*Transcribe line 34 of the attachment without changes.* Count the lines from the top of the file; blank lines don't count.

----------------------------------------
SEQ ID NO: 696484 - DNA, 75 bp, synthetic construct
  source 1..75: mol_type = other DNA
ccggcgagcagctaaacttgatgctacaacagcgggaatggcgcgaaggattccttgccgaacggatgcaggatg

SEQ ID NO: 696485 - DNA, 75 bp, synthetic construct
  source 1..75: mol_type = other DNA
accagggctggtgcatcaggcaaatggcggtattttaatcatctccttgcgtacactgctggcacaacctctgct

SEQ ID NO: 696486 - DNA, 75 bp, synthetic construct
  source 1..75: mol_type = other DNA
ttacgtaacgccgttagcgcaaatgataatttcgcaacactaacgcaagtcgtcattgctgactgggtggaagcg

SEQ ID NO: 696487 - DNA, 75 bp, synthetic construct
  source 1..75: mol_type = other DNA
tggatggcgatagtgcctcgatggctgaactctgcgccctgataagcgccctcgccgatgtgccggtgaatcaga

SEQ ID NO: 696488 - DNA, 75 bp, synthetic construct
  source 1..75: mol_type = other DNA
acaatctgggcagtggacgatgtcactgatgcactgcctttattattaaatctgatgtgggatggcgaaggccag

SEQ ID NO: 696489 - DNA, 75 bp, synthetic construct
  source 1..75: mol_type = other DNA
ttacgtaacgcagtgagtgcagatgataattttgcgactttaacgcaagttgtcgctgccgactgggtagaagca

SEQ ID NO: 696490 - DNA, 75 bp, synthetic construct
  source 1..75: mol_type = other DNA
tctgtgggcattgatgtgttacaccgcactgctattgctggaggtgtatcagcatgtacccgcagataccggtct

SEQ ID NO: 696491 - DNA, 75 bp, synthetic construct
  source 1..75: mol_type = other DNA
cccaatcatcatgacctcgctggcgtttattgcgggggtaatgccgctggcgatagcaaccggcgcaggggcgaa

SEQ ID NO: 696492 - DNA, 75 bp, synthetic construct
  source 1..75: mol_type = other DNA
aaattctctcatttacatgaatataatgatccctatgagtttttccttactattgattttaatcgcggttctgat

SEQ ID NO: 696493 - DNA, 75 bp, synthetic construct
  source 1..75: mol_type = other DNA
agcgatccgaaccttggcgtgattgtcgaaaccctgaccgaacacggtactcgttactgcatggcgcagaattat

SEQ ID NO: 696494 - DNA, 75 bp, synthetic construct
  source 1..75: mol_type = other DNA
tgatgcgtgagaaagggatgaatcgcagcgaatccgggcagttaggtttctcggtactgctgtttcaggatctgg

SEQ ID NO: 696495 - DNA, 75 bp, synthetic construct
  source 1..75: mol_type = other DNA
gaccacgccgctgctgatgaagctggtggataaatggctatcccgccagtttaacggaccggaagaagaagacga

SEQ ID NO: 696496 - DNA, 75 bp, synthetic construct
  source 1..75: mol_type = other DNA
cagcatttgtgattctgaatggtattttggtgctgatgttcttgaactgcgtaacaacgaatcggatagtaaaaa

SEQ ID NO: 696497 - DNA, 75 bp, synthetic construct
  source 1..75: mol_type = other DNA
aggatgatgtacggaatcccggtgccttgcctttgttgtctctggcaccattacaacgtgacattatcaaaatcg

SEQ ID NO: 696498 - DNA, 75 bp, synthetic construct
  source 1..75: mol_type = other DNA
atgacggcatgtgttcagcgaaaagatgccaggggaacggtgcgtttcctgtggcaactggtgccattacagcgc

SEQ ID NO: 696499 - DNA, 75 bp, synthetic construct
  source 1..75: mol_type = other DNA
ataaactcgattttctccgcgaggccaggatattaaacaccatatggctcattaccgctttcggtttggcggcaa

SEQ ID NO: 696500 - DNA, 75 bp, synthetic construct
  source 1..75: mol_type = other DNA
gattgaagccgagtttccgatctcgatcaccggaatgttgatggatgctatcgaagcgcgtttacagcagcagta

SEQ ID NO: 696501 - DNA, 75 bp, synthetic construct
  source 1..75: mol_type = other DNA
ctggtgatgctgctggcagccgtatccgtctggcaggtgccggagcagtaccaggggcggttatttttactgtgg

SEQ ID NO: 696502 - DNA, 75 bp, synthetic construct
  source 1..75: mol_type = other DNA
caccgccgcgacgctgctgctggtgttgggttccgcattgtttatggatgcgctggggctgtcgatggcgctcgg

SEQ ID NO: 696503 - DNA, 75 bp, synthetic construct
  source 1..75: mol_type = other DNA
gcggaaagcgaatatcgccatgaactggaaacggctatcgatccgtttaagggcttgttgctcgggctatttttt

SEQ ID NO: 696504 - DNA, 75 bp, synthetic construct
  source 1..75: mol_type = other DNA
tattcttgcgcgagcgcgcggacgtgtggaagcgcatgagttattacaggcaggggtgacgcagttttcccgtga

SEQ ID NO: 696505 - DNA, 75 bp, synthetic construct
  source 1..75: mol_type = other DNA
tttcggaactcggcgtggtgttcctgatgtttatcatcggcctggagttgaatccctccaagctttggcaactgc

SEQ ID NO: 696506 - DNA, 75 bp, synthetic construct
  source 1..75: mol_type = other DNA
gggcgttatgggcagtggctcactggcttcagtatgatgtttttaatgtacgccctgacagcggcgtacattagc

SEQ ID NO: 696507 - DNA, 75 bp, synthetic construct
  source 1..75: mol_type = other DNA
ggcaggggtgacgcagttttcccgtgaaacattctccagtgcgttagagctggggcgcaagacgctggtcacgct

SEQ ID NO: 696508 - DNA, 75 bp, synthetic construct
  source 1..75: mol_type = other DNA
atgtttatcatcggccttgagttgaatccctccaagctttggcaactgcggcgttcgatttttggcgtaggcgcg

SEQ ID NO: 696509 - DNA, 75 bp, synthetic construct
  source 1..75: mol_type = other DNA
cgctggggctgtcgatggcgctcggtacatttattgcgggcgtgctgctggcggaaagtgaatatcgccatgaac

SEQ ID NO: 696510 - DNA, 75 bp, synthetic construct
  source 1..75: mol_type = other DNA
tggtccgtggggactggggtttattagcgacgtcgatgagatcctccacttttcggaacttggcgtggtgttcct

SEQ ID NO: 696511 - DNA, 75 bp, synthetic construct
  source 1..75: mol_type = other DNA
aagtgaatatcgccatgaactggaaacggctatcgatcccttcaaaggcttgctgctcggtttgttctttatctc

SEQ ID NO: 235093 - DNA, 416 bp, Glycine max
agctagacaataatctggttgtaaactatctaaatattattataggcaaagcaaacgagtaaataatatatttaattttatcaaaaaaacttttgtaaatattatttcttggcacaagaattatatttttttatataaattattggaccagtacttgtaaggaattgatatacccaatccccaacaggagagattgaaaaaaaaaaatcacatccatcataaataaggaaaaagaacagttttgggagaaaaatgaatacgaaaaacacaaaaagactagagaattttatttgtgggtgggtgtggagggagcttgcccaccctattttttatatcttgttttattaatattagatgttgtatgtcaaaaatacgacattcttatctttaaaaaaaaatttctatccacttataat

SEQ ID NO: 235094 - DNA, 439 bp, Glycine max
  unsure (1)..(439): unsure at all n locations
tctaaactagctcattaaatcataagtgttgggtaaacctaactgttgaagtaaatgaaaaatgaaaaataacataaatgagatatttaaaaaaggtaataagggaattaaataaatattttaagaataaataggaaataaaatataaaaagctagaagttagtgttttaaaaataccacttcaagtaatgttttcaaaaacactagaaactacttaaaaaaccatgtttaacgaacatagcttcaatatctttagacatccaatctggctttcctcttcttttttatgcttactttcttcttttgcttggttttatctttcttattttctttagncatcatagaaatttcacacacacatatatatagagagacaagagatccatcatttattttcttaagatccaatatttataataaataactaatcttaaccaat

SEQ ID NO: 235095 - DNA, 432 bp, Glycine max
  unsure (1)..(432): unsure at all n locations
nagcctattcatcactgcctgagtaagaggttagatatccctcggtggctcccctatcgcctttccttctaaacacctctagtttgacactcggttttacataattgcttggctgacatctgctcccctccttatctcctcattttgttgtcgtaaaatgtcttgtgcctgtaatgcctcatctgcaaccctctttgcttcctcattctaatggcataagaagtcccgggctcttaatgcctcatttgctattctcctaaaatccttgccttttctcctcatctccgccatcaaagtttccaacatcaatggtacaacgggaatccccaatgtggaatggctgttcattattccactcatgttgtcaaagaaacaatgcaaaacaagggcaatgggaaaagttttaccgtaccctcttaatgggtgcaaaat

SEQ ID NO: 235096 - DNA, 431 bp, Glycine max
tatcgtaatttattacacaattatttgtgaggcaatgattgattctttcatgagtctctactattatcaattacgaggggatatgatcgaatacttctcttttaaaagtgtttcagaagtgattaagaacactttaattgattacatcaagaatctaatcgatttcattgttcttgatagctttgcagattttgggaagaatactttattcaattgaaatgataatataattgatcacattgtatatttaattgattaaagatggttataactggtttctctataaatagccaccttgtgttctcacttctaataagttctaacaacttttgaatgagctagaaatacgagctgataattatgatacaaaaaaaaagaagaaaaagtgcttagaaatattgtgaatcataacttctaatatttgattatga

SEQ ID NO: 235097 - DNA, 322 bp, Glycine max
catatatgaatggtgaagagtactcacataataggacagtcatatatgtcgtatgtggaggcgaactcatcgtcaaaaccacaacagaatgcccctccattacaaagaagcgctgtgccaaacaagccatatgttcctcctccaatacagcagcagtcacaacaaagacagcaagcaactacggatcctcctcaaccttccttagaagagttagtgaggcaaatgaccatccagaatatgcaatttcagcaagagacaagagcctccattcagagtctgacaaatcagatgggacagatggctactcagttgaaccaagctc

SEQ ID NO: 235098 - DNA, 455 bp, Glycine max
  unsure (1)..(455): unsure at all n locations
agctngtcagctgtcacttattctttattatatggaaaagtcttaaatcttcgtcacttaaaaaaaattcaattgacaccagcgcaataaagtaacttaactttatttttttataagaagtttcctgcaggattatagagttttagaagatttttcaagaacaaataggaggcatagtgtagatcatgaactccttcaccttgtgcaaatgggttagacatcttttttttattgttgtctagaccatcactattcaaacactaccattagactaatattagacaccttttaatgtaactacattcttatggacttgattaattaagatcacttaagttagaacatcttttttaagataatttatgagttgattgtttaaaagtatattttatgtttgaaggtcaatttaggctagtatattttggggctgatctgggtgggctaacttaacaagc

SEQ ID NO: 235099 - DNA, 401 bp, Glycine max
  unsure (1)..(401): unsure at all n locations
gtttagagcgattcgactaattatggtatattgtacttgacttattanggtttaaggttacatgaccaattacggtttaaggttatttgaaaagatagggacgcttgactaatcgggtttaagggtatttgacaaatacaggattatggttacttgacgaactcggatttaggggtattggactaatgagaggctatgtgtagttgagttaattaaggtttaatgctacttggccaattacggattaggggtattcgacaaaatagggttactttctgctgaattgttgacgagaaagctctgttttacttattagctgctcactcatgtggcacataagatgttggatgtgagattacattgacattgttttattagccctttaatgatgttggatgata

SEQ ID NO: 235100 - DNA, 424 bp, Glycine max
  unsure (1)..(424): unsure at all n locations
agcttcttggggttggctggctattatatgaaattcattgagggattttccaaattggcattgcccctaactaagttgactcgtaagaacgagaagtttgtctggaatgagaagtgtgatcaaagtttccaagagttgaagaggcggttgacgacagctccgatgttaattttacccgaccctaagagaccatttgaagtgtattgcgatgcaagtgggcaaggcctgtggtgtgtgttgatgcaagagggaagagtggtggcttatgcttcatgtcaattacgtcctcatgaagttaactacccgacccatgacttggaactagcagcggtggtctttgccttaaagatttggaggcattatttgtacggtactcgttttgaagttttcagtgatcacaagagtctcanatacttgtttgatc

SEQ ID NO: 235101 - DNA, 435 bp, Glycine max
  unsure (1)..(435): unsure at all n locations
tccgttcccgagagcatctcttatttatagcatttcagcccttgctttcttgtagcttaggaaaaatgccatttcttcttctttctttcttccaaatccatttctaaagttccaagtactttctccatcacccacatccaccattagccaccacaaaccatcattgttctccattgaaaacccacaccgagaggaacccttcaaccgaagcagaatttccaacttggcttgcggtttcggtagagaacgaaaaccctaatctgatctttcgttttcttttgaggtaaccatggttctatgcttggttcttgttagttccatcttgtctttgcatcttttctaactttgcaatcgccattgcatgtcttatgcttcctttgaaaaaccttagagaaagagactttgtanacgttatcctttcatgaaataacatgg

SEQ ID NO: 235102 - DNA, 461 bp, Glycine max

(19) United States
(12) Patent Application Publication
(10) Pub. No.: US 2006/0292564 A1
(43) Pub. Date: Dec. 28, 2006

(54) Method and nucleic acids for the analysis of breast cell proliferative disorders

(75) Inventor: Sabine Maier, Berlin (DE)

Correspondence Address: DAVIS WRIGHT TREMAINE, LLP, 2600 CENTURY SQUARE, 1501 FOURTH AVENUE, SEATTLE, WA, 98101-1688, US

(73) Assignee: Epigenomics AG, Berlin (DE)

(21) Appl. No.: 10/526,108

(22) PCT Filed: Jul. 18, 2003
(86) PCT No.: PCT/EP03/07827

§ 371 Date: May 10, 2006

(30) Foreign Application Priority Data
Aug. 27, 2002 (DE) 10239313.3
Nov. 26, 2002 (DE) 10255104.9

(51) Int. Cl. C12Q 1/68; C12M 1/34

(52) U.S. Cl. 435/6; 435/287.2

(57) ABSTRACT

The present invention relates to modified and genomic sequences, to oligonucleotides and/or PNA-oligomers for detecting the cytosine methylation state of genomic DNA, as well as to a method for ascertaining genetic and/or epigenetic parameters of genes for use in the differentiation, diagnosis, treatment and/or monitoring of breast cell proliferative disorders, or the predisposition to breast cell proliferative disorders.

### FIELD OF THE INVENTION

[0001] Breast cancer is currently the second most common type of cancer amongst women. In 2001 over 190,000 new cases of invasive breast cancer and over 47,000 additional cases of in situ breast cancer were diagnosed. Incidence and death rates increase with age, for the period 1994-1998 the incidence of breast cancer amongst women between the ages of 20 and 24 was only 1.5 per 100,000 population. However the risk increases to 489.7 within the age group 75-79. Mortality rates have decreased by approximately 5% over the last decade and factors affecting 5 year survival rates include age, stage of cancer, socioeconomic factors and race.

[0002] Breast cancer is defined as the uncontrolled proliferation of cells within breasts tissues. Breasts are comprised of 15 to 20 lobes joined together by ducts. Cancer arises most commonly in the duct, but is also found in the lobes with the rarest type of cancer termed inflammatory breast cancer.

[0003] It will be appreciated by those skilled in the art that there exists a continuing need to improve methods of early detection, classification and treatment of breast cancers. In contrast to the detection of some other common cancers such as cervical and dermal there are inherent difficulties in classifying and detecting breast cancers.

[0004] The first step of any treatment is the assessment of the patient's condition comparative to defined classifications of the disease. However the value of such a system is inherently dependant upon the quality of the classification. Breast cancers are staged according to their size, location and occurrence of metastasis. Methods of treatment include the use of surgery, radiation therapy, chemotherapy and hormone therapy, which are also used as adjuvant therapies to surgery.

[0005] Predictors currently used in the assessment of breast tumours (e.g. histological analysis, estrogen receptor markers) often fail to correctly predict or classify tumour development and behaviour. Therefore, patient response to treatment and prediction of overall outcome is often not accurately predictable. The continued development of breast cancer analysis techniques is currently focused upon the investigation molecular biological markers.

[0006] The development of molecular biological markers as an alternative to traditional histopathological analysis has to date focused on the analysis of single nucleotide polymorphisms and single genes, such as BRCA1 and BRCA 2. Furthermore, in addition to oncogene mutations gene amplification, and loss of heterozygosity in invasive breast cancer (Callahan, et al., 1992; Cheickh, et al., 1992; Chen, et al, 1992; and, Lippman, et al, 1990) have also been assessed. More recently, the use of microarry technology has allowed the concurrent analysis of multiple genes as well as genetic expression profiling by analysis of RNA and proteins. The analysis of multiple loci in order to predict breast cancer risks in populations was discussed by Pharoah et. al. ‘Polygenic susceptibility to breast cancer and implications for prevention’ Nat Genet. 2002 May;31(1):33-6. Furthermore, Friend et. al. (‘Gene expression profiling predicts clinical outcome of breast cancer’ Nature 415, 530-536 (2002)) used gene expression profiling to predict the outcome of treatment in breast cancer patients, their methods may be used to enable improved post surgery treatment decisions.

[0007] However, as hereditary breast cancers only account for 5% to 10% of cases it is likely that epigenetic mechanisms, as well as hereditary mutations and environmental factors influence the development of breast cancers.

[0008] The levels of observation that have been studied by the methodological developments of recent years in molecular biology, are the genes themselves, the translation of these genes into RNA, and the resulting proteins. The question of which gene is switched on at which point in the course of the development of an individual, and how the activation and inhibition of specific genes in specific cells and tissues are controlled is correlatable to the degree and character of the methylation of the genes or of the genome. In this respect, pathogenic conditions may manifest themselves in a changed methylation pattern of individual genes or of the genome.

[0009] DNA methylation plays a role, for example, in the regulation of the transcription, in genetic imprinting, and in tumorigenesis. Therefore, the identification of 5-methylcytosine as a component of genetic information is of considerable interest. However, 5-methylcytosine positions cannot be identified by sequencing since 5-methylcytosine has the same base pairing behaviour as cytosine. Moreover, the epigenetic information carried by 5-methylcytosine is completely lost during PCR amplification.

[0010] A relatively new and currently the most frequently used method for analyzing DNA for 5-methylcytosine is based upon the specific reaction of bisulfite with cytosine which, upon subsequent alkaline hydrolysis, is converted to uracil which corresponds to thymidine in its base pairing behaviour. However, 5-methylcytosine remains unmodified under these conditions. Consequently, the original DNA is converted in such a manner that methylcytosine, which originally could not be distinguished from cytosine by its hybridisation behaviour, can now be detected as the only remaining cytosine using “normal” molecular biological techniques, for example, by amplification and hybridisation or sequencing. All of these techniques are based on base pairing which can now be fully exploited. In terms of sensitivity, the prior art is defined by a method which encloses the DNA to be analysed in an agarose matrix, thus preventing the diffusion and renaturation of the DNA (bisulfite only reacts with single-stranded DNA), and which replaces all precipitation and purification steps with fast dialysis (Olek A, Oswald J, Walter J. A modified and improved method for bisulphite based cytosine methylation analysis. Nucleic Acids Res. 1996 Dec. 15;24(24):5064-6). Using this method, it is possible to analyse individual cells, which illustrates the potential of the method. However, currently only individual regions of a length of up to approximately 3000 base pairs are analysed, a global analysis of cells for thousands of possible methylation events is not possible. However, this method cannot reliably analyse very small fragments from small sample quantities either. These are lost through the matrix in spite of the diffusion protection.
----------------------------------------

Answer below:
SEQ ID NO: 696495 - DNA, 75 bp, synthetic construct